Building a Blog With Jekyll.


A few months ago, I decided to convert my personal website, which was a static HTML site, to Jekyll. If you aren’t familiar with Jekyll, it’s a blog-aware static site generator built on Ruby. I wanted to create a blog for my website and also have the ability to template the pages of my site but wanted a lightweight solution. I considered a few content management systems but ultimately Jekyll came out on top. The decision to convert over to Jekyll was an easy one, and after a few months of using it, certainly a decision I am happy with. In this blog post, I will discuss my experience with the static site generator, it benefits, and how you can get started using it.

Experience with Jekyll

The first requirement I had for my site was that it should be static. If the site was static, then I could easily host it on GitHub and not have to worry about hosting fees in the future. The next requirement I was for the site to have a blog. However, I didn’t want to have to manually format each post, I wanted something with templating as well. I essentially needed a content management system (CMS) for a static site. The first idea I had was to use a CMS like WordPress and access its API writing some reusable code to get posts and it’s metadata. But I didn’t want to have to worry about managing calls to an API which was all too complex for a simple blog. I also realized that for CMSs like WordPress I would have to pay to host an installation of that CMS. So an option like WordPress or Drupal was out of the picture for me. Luckily, I did more research and Jekyll came to my attention — it was a perfect match. A simple, blog-aware, and static site generator was just what I needed. Plus it was an added bonus that GitHub Pages are powered by Jekyll so I could easily deploy the site with GitHub for free.

It’s important to note, at this point, I already had a developed static site. I just needed something to manage blog posts for the site. The task at hand was to transfer it into Jekyll. It took less than a day to familiarize myself with its structure and my blog was up and running within a few days. Experience developing countless themes and familiarity with the Liquid templating language, helped me pick up Jekyll quickly. There were some things I had to learn like YAML, formatting in Markdown, and how the plugin system worked. However, they were easy to learn, and I picked those up in no time as well. You certainly don’t need prior experience to get going but it helps!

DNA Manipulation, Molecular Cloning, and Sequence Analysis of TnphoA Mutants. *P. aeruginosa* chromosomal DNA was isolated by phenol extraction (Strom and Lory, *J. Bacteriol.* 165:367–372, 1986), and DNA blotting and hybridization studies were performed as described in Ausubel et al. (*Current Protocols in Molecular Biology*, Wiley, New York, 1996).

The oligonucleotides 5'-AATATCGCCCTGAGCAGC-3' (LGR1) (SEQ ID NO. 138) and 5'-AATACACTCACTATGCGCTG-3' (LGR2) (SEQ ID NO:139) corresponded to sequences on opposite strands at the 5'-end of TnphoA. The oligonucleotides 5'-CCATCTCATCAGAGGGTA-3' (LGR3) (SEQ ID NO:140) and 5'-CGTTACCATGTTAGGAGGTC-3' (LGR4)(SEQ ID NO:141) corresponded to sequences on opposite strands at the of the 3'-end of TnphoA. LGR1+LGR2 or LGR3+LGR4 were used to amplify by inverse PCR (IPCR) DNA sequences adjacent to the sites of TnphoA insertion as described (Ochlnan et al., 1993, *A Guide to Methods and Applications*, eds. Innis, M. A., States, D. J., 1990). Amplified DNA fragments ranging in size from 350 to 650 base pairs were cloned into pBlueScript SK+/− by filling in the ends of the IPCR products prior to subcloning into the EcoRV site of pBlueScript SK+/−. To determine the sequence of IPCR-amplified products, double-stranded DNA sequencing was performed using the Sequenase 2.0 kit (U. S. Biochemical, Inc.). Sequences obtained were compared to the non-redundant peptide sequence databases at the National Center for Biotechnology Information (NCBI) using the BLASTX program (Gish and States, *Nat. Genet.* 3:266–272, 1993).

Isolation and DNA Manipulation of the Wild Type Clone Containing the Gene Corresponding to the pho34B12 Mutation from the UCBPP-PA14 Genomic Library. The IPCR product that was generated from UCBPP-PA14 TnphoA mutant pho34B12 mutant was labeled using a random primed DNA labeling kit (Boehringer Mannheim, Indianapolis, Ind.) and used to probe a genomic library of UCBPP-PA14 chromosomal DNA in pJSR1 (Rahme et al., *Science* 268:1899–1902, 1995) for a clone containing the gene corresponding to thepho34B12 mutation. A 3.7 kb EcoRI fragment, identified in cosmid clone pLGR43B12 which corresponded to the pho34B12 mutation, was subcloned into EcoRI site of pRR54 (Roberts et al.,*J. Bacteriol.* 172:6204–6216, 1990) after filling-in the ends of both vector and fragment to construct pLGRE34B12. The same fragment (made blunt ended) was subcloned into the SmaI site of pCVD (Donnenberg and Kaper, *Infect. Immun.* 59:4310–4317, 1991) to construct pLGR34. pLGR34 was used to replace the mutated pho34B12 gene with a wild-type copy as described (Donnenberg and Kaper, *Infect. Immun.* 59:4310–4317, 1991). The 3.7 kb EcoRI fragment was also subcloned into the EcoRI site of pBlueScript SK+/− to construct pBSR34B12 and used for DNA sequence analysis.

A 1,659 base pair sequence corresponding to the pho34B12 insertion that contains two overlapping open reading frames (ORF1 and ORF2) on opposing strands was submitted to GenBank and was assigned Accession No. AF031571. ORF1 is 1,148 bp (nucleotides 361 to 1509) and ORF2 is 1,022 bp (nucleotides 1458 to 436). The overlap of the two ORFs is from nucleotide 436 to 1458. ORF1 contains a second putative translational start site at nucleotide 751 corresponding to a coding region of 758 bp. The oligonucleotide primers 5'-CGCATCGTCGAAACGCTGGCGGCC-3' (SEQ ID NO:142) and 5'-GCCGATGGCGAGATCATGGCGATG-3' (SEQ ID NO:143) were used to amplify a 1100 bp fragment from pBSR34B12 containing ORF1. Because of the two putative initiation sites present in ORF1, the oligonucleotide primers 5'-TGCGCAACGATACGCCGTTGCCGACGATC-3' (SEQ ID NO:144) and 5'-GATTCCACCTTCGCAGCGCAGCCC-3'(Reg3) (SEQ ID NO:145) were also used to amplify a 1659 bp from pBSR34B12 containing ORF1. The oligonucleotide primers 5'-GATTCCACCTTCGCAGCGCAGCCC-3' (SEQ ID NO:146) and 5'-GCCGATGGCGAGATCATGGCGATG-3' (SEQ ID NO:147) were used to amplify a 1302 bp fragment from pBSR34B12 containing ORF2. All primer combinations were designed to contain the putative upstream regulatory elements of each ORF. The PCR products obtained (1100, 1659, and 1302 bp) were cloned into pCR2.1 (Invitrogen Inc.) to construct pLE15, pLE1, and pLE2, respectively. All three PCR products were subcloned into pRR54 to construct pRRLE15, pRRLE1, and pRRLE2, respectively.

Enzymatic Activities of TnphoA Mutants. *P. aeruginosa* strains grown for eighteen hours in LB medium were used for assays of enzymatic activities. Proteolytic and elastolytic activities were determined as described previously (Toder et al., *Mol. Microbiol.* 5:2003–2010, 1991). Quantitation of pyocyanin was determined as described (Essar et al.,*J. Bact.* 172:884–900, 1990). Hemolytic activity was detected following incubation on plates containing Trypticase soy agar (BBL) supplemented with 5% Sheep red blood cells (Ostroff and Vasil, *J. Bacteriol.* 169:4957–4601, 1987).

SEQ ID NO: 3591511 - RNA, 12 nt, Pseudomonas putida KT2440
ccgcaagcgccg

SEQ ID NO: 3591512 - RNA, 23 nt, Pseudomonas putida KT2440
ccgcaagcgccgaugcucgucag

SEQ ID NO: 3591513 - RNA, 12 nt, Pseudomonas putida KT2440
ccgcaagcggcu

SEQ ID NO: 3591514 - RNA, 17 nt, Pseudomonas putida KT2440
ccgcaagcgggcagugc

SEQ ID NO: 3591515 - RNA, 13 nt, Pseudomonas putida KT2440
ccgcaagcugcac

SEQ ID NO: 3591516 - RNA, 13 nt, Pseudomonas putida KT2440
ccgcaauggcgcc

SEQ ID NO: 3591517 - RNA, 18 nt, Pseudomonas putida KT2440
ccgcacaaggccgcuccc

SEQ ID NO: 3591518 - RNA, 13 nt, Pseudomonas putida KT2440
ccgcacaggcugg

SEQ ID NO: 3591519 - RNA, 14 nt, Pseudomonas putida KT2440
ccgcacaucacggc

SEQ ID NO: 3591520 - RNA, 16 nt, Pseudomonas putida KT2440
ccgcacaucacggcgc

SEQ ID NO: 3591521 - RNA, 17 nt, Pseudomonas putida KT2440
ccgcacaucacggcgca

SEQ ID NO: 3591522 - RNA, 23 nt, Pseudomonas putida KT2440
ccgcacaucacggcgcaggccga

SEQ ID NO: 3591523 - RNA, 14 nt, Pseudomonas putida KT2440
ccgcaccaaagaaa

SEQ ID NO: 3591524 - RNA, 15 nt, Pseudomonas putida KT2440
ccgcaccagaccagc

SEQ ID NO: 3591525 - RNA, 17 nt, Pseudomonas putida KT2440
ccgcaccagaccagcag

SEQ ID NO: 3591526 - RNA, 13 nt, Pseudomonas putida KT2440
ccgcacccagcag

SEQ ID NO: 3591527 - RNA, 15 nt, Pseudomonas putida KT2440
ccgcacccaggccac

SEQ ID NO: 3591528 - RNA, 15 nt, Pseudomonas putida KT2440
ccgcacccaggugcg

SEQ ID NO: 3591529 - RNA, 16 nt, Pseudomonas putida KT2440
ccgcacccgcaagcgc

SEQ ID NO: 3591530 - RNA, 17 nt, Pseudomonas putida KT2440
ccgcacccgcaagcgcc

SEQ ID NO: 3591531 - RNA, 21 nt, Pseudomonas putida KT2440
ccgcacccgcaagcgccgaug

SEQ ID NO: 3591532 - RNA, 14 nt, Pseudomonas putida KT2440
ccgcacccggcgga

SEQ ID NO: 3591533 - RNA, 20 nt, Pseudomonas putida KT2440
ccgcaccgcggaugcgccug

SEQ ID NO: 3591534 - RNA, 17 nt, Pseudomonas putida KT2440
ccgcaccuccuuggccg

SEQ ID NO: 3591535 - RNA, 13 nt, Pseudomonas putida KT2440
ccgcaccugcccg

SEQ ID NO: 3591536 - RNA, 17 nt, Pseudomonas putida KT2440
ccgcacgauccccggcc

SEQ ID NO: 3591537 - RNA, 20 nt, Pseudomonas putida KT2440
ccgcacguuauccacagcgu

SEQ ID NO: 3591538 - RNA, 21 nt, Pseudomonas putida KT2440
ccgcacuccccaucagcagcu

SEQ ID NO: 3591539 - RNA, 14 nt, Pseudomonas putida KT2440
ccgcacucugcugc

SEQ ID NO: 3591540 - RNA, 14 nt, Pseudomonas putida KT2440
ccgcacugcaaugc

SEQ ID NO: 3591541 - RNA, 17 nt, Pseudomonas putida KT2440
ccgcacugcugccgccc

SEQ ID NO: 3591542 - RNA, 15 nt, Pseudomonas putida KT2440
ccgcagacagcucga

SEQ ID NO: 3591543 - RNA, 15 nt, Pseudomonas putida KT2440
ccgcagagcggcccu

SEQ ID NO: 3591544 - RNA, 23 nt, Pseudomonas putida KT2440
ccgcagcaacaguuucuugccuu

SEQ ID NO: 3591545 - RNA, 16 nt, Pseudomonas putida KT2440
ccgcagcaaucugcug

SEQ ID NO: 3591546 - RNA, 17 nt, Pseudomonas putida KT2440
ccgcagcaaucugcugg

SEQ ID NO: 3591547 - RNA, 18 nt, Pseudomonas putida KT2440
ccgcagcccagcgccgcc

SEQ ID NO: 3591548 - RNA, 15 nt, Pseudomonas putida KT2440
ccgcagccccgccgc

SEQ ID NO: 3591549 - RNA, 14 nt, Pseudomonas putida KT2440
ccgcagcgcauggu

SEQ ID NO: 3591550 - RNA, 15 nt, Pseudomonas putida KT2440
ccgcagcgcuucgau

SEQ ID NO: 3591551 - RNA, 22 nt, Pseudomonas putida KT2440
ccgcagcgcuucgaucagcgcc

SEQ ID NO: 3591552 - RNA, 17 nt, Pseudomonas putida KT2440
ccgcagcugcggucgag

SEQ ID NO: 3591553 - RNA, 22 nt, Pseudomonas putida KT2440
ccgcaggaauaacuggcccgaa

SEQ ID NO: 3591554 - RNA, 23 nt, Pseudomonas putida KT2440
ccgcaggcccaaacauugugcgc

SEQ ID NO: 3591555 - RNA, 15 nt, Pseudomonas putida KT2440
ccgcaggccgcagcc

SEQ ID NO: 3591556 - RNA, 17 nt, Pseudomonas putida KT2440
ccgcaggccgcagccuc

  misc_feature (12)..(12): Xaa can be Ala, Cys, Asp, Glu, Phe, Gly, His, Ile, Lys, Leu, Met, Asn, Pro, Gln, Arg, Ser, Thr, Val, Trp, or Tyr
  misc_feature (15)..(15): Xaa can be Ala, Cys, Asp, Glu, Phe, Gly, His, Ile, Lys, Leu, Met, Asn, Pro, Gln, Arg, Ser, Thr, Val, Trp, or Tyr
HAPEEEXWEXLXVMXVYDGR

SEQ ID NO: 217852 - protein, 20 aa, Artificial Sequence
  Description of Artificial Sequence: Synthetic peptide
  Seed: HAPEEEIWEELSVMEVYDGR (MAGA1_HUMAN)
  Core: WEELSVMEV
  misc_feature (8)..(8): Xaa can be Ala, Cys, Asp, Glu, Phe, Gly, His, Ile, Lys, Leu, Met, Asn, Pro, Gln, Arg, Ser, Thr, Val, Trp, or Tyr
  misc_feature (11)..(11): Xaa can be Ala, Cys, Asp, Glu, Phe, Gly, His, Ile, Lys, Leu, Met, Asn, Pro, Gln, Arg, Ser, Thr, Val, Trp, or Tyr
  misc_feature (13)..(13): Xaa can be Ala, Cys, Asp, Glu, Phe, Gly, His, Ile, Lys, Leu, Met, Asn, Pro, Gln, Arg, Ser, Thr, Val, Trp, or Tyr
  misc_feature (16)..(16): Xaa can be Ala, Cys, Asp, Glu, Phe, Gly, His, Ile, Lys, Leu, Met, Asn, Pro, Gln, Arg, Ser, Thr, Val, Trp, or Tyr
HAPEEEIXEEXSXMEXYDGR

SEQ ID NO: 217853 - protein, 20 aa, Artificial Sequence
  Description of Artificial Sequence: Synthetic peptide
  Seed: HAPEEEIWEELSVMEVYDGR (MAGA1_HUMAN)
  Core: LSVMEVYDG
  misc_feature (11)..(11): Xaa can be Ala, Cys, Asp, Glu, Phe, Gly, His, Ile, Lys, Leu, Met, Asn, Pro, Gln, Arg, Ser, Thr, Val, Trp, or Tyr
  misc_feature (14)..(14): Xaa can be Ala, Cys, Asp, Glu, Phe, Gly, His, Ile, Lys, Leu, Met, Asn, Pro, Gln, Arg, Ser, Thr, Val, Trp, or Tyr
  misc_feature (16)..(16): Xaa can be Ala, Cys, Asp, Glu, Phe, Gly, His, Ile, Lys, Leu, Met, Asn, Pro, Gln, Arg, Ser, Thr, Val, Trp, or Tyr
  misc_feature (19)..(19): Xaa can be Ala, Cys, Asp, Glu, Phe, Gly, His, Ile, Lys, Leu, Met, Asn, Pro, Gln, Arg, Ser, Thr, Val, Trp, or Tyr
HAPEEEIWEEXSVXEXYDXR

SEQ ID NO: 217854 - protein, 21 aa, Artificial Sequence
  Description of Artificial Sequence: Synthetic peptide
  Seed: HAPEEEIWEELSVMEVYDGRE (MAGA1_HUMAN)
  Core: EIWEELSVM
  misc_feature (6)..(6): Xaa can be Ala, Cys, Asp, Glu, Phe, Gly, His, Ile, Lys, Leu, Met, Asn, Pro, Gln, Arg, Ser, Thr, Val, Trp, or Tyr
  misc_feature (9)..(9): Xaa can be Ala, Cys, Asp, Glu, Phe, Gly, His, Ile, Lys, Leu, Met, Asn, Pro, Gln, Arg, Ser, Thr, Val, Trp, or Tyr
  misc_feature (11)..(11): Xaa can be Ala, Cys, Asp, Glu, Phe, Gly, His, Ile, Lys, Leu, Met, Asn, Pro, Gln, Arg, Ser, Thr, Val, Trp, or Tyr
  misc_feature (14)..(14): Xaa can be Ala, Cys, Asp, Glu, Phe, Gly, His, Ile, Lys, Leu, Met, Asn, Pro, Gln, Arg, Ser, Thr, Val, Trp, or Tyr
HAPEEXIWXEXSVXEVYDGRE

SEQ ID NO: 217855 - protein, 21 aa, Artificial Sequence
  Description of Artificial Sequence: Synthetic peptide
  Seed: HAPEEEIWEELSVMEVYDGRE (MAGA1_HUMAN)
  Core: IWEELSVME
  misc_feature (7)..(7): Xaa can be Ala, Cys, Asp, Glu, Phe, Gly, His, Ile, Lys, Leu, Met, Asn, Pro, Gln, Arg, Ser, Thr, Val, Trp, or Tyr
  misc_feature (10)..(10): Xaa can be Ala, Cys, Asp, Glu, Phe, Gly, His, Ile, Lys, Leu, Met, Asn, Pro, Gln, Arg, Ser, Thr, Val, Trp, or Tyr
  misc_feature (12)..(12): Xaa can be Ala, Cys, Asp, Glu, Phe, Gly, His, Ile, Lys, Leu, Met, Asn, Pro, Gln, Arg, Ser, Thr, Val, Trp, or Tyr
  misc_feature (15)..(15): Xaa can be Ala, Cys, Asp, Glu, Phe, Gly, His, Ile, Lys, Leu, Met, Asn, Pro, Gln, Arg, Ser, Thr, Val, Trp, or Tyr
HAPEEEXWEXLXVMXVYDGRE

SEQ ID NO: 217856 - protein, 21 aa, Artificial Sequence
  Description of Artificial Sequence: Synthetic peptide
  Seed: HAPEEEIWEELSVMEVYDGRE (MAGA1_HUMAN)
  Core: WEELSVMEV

Advantages of Jekyll

Before I show you how you can get started, I will list some of the advantages of using Jekyll.

Free Hosting

The greatest advantage for me by far is the fact that I can host it for free with ease. Simply put your Jekyll site in a GitHub repository and you will have free hosting for your blog. If you are using GitHub for your version control already, then it makes sense to use it for your free hosting as well – two birds, one stone.


Static files load a lot faster than dynamic files which sometimes have to wait for database queries and API calls. With Jekyll, only the files that are needed are being served.


You don’t have to worry about databases or bulky user interfaces provided by a CMS. Jekyll only includes what you need.


The absence of a database eliminates the risk of common security threats such as SQL injections. Your attack surface is drastically reduced.

Getting Started



  1. Install Jekyll and the bundler gem (manages the application’s dependencies)
gem install jekyll bundler
  1. Create your new Jekyll site
jekyll new your-blog-name
  1. Navigate to your newly created Jekyll project

    cd your-blog-name
  2. Serve your new Jekyll project on a local server

    bundle exec jekyll serve

    Open http://localhost:4000 in your browser to view your new site.